Second Time is the Charm for Carrasco and Starting Pitching
Who saw this one coming?
August 28. Final game of a three-game series against the Chicago White Sox. Series tied, one game apiece. Pivotal series against the division-leading Kansas City Royals this weekend. Neck and neck with the New York Yankees to be the closest team to the second Wild Card spot.
If you would have told me in May that Carlos Carrasco would be starting this game, I would have told you to sober up and grabbed the keys to drive
you home. If you would have followed that up by telling me I would feel confident with him taking the mound, I would have called us both a cab.
It would have been hard to believe back then that Carrasco would even be in the big leagues, let alone starting an important game in August after his abysmal start to the season. In his four April starts, he never gave up less than four runs. His walk per nine innings ratio (BB/9) was above 4.5 twice. He threw six innings only once. His ERA was never less than six.
Admittedly, I was never on Team Carrasco to begin with. He “won” the fifth spot in the rotation coming out of Spring Training by being out of options and a hard thrower. He is talented, sure. Terry Francona never misses an opportunity to tell us how “nasty” his stuff is. But there have been plenty of pitchers throughout baseball history who had nasty stuff and never panned out. I was perfectly ready to throw Carrasco in this category.
Francona, refusing to give up on the Velo from Barquisimeto, moved Carrasco to the bullpen after his fourth clunker on April 25. It has been rainbows and sunshine since. As a reliever, Carrasco posted a stellar 2.30 ERA, 8.16 K/9 and 2.92 FIP. Mostly used when the Tribe needed an inning-plus, he allowed opponents to hit a measly .214 in 43 IP.
But when the Indians traded Justin Masterson to the St. Louis Cardinals, sent Danny Salazar back down to AAA Columbus and told Josh Tomlin to work on his delivery from the stretch at the beginning of August, a spot in the rotation became available. Carlos Carrasco was the only student in the entire classroom who raised his hand when the teacher asked for a volunteer.
Here are the statistics in August for three starting pitchers:
Pitcher A looks pretty good. A bit higher of an ERA than the other two, but man, can that guy strike out hitters. No wonder, because those are the August statistics of five-time All-Star Felix Hernandez of the Seattle Mariners.
But what about Pitcher B? Who has been better in almost every category than arguably the best pitcher in the American League? Oh, right. Clayton Kershaw. That makes sense.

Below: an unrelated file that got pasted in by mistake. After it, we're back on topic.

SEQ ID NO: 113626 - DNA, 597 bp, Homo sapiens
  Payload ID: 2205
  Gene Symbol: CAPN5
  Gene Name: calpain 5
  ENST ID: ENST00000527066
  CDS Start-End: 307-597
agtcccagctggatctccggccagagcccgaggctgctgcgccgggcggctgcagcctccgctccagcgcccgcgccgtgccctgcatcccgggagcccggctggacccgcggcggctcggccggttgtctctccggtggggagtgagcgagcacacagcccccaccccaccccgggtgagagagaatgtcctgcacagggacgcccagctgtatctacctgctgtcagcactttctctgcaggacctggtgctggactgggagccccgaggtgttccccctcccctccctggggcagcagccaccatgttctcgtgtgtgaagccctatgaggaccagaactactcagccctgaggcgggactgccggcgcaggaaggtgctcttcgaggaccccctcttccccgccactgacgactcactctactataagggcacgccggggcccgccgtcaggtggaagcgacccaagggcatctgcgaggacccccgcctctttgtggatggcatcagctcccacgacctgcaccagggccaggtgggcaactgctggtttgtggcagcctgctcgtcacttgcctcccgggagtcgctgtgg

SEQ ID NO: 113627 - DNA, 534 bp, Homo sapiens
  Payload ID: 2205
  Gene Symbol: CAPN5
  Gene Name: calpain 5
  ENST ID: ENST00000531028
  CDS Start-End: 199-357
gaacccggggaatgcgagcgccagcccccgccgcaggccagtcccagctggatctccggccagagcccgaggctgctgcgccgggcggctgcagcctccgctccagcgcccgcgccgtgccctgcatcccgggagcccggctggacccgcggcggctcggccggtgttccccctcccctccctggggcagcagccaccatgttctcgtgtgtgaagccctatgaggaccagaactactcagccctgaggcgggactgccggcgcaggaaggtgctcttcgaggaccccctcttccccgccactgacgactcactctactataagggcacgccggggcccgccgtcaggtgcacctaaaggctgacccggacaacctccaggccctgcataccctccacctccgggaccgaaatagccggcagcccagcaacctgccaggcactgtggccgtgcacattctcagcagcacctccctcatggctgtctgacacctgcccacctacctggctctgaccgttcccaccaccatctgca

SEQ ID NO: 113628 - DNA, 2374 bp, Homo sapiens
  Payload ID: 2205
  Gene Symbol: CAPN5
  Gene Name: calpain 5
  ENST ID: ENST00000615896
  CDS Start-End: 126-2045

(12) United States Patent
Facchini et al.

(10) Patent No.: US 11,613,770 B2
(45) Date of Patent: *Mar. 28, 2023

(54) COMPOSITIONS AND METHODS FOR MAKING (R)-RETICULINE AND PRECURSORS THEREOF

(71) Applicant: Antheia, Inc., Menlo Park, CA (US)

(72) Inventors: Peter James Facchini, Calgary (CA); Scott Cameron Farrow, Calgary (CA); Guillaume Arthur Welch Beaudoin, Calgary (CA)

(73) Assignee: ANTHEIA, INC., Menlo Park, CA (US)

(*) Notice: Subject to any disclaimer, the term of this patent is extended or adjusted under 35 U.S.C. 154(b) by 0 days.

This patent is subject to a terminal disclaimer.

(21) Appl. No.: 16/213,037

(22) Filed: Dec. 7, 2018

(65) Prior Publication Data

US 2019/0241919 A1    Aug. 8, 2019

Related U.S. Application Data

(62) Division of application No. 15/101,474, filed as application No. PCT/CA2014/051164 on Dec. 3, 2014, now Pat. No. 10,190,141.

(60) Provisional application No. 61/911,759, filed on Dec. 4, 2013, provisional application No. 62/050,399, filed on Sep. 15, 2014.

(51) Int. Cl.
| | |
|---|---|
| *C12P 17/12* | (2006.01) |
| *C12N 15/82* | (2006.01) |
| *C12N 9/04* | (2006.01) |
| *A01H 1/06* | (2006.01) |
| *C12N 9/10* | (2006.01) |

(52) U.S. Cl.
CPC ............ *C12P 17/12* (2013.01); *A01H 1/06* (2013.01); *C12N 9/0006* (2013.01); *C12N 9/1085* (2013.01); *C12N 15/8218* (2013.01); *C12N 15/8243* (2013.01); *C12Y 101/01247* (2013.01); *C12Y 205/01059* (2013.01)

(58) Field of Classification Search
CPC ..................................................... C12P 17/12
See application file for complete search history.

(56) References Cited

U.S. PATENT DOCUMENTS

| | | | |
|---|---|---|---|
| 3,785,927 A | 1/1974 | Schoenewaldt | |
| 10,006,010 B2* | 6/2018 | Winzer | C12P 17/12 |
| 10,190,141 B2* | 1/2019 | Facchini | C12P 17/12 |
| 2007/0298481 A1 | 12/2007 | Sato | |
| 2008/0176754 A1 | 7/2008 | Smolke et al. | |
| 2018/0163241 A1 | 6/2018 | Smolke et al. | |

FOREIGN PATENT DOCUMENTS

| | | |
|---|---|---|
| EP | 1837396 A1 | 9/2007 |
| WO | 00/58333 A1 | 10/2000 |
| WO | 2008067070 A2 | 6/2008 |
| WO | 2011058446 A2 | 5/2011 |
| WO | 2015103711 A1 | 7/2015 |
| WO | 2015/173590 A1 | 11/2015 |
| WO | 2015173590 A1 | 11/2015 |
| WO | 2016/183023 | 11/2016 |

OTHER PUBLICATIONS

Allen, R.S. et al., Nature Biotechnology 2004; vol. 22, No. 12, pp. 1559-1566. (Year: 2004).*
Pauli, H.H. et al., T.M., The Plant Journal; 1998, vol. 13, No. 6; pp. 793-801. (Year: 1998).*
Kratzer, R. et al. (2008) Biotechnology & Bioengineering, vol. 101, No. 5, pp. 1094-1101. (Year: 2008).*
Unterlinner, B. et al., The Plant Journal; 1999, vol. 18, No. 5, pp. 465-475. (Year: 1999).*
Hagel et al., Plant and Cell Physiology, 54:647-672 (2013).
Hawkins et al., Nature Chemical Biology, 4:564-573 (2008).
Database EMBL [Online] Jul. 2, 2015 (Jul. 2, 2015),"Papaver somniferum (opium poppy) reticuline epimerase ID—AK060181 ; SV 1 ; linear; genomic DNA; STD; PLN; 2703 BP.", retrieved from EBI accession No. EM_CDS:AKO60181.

And now, the big reveal. John Adams, let’s hear a drumroll, please. Pitcher C is…. Carlos Carrasco. Carlos Carrasco. Of the Cleveland Indians. He has been just as good, if not better than Felix Hernandez and Clayton Kershaw in the month of August. Talk about good company. A better ERA than King Felix. Superior WHIP to Clayton Kershaw, defending NL Cy Young award winner. Carlos Carrasco.
Tito Francona proving once again that I could never be a Major League manager.
The Indians are hoping to ride this Carrasco hot streak right into the playoffs. He undoubtedly will come back down to Earth at some point. But, assuming he continues to be productive as a starting pitcher, where does that leave him looking ahead to 2015?
Sitting in the front row of the classroom, if you ask me.
If the season ends today, what does the Indians rotation look like for next year? Corey Kluber has solidified himself as the ace, no question. After that, it’s anyone’s guess. Trevor Bauer has pitched well this year. As long as he was pitching at home, and the game started in the second inning. Danny Salazar has been up and down from Columbus with mixed results. Zach McAllister has done the same, but has been lights out in AAA and recently led the Clippers to their first playoff appearance since 2011. T.J. House and Josh Tomlin have pitched their way to spot starter status.
Remember last year when Ubaldo Jiminez was one of the best pitchers in baseball the second half of the season? And when we all first realized Mickey Callaway was a master of the dark arts? After a below average couple of years, one outstanding half and I was perfectly ready to pencil him in as our number two starter heading into 2013 (if we could keep him).
Carrasco has had a below average couple years. He’s had an outstanding second half. And he isn’t going anywhere.
He won’t keep outperforming Hernandez and Kershaw. He might never develop into a front of the rotation pitcher, or even a starting pitcher at all. But the fact of the matter is, right now he’s a pitcher whose stats match up with some of the best in the game. The Indians don’t have a whole lot of those.
One thing is certain, however. If I’m a major league pitcher with loads of talent but below average results, I’m heading right up to the principal and demanding a transfer to Mr. Callaway’s class for the second half of 2015.